This is why you often see the flip from fundamentalist to atheist.  Their search for evidence eventually fails so they go over to the other side.  What is to be made of this kind of faith?  It looks strong like cast iron or ceramic, but breaks and shatters easily under the right kind of stress.  Ultimately this is not “faith” at all.  Hope maybe, but not faith.

The next group is the semi-empiricists.  Many catholics fall into this category.  Their thinking is more flexible than the fundies, but they really would like to believe it all.  They are willing to see Adam and Eve as allegorical, but really deep down inside they would like some evidence.  Just to be sure, you know?  They don’t stake everything on finding Noah’s ark, but wow, if it were to turn up, that sure would seal the deal.  Or maybe a letter from Pilate describing the empty tomb.  Something, anything, that will turn the corner from the natural to the supernatural.   If we can prove the bible to be reliable history, then the rest must be true, even the really hard to believe parts, right?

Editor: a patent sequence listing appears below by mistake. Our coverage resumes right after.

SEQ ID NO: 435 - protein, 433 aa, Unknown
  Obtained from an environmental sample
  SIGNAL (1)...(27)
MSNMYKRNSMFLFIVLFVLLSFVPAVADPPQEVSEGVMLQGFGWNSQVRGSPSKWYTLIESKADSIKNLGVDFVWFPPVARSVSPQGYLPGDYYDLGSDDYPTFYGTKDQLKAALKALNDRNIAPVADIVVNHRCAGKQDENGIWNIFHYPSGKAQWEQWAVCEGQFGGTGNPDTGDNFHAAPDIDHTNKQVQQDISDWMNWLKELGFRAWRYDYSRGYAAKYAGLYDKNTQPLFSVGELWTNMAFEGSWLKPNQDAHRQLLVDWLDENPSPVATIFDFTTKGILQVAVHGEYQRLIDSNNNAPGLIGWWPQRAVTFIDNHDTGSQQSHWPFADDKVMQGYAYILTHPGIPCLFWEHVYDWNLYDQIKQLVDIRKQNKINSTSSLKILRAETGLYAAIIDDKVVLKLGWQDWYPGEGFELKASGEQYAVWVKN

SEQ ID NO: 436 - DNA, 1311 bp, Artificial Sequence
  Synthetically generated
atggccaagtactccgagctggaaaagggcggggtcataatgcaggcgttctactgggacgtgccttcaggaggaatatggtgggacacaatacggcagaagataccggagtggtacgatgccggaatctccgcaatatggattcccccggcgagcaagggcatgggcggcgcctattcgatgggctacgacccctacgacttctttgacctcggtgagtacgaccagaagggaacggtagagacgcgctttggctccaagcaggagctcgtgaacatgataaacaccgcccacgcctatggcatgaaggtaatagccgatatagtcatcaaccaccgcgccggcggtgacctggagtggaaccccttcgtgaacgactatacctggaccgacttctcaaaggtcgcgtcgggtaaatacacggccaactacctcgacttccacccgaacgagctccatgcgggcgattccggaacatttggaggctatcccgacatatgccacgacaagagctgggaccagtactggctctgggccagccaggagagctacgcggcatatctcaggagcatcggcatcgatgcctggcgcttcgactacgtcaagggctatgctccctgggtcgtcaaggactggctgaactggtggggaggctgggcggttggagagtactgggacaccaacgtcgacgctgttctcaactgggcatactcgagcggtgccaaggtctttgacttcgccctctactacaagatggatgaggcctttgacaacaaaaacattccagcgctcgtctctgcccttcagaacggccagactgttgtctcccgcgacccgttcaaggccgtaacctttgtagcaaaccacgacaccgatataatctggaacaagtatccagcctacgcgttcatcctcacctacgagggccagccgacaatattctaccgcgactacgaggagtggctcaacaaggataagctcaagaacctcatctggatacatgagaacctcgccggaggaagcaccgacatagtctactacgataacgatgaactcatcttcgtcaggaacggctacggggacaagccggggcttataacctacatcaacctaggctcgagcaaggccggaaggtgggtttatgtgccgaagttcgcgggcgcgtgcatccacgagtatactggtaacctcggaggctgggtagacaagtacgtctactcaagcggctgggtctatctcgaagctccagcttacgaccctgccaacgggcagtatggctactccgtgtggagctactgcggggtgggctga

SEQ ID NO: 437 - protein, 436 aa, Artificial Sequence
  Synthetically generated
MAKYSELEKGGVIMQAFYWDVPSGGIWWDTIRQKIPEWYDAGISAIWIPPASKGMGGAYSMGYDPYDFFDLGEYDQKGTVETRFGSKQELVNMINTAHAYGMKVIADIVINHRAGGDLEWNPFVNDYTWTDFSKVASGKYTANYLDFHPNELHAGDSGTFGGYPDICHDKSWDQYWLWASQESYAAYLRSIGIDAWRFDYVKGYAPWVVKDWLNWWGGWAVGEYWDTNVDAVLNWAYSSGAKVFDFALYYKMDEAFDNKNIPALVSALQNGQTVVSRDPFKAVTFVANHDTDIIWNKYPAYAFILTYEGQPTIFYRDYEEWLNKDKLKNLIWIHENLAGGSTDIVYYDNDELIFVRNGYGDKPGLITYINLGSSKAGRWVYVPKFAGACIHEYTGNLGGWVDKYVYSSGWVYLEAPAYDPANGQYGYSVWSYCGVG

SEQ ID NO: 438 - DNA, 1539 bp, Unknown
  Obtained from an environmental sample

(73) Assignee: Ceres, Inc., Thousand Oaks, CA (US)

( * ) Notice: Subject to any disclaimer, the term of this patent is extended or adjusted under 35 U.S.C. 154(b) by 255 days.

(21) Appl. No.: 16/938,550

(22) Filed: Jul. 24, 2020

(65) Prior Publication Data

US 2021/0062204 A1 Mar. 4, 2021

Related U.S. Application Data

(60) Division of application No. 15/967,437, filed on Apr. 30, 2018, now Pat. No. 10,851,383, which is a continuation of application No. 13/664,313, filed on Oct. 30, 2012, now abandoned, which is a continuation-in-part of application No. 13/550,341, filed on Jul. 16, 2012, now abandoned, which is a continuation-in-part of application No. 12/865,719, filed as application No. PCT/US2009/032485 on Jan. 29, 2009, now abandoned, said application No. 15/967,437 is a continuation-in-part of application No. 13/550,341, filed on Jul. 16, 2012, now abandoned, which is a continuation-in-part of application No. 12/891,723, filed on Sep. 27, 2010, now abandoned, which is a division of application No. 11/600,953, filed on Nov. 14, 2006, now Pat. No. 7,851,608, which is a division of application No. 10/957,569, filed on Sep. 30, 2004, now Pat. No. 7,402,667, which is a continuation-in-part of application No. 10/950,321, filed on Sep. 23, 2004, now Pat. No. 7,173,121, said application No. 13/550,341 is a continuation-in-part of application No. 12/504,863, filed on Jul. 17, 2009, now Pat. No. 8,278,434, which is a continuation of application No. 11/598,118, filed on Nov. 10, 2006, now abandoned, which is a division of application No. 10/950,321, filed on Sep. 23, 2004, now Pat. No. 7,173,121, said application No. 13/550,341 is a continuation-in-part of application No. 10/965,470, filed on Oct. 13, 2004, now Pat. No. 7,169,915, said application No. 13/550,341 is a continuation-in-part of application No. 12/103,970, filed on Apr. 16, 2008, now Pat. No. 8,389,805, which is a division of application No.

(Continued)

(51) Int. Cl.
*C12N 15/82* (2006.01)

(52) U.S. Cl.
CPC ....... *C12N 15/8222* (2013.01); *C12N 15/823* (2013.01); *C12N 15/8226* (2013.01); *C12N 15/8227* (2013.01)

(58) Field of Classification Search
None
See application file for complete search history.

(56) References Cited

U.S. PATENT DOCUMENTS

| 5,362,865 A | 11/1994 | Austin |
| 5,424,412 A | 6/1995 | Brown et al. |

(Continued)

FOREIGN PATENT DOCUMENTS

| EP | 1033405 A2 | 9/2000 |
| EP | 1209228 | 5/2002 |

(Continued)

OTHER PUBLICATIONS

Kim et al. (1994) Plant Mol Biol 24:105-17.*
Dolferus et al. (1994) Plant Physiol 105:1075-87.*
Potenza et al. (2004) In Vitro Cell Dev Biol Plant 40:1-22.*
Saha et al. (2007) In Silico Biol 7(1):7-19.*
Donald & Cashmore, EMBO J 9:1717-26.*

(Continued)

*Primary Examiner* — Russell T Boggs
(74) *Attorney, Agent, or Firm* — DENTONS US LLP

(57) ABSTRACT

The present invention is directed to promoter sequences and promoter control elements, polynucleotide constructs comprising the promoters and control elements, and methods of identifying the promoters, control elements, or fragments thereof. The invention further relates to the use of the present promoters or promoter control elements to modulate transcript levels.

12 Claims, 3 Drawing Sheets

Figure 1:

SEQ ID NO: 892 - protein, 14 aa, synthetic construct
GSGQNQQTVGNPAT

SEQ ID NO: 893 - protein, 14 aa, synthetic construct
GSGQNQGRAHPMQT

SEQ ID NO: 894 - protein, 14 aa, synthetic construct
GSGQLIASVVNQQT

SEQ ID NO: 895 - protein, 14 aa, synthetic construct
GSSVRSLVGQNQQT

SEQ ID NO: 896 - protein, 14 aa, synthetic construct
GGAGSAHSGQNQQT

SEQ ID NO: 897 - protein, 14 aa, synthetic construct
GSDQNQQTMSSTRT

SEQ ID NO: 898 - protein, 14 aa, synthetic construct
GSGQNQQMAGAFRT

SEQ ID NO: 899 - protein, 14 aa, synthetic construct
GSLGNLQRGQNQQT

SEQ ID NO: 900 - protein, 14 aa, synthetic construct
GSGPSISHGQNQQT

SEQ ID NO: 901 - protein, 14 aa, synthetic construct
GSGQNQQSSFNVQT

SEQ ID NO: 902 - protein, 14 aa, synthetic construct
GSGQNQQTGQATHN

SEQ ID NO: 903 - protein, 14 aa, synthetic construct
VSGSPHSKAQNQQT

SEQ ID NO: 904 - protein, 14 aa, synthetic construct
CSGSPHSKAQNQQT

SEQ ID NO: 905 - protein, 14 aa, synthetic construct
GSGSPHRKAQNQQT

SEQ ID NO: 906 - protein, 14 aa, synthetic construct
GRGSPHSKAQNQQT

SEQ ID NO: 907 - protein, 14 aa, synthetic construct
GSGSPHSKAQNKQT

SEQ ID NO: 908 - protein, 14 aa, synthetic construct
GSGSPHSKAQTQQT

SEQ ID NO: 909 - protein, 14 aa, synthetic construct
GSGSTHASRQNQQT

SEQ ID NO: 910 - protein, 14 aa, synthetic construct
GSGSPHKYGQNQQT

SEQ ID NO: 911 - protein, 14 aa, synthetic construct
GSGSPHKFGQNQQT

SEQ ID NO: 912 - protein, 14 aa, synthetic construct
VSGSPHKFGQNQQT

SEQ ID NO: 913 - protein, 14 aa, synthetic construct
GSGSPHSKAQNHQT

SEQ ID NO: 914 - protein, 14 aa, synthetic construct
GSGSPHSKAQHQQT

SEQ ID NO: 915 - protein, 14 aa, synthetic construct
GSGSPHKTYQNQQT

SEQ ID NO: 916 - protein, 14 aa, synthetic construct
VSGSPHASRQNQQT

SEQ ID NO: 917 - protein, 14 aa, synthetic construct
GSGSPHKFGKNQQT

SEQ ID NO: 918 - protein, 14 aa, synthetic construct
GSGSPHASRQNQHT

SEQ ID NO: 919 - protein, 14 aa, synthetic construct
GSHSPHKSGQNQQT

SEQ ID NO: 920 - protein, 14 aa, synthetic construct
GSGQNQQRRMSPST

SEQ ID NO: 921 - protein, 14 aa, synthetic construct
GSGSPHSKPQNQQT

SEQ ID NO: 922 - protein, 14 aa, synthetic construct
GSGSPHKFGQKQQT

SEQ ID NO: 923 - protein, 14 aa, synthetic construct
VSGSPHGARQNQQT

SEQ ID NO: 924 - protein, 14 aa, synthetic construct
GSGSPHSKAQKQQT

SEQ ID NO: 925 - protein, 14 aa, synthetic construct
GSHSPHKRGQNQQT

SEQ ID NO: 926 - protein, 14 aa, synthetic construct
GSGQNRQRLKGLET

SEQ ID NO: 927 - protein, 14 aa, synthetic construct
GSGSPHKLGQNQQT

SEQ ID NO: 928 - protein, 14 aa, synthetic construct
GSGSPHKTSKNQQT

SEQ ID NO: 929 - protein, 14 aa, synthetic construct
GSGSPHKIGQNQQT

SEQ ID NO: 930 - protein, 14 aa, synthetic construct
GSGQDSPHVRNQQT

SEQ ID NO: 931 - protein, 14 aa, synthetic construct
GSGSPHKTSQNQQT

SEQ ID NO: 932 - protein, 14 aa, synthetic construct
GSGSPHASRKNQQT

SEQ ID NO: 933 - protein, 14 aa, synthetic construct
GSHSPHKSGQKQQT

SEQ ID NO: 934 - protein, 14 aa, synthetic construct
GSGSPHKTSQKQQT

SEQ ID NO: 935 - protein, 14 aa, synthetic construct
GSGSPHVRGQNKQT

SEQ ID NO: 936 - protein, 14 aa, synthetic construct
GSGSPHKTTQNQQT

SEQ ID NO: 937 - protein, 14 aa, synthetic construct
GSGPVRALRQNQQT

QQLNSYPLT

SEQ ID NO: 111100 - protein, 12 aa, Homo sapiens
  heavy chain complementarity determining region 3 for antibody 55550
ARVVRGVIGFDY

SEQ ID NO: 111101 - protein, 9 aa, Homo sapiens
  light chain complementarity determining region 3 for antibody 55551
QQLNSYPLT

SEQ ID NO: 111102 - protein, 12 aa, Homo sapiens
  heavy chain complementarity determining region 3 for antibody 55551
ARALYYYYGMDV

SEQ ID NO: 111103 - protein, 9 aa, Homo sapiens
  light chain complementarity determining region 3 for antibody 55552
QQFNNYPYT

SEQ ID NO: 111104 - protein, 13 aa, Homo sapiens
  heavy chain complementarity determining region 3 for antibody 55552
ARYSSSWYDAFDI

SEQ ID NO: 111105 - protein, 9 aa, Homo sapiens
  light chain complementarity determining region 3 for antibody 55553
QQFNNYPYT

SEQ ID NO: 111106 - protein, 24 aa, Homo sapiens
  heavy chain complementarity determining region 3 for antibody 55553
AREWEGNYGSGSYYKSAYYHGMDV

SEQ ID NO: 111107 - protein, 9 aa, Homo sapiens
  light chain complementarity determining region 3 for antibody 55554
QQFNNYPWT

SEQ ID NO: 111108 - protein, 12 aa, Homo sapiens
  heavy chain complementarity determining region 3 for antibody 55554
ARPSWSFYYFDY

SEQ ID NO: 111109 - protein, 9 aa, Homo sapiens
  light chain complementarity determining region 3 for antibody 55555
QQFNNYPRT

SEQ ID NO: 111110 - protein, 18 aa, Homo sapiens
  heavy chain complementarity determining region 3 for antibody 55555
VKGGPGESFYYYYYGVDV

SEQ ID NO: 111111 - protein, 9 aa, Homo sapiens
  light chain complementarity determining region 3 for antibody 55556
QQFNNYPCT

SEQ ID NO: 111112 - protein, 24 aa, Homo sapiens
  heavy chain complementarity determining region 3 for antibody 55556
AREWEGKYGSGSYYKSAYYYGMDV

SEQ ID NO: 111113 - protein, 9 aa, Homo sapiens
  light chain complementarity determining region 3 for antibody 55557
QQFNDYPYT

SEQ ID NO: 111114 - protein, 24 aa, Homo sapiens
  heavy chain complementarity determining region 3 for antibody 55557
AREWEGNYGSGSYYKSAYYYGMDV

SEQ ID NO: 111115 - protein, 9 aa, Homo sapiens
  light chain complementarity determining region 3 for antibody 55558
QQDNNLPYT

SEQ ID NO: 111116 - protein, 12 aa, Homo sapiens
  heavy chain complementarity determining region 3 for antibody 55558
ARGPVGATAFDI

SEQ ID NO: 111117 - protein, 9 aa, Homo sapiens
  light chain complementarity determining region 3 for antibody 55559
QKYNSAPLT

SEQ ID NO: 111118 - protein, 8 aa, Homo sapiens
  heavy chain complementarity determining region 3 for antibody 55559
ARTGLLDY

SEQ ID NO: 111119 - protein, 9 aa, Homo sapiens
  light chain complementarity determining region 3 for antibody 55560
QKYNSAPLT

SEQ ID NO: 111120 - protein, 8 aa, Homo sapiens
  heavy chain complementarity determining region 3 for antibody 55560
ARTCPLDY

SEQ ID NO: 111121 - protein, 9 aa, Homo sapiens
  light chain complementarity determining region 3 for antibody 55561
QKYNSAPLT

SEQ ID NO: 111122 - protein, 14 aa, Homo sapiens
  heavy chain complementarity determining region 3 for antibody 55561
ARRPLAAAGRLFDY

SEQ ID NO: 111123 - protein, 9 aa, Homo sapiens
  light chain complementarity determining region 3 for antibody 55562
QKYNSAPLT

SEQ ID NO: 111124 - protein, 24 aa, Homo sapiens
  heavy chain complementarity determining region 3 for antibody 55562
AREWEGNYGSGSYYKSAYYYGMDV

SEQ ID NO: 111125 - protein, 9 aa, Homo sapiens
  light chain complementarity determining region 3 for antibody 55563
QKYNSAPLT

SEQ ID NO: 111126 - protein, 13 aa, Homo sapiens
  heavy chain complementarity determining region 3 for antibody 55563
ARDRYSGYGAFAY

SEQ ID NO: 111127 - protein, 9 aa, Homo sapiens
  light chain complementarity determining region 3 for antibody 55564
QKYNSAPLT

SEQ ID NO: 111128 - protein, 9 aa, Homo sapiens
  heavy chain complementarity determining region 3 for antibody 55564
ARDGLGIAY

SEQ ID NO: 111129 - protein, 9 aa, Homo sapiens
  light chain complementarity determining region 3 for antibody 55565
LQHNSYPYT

They are only semi-empiricists because of course, the evidence doesn’t go both ways.  Not finding Noah’s ark is no big deal.  Maybe it wasn’t a worldwide flood, just one valley.  The point of the story is still the same.  Drew Hystriani on his show mentioned that someone found ancient bricks that were so strong that the could have been stacked 2 miles high!  Which to him opened the possibility that the Tower of Babel was real.  Never mind that the tallest modern building is 2,700 feet tall, the ancients might have build a brick building 11,000 feet high!  (Just for grins, a two mile high pyramid, if it could be built with the same dimensions of Giza, would have a base of 10 square miles, now back to the blog post in progress)  If we could just find that, it would show the atheists!  The bible is true!  All of it!  I believe — sort of.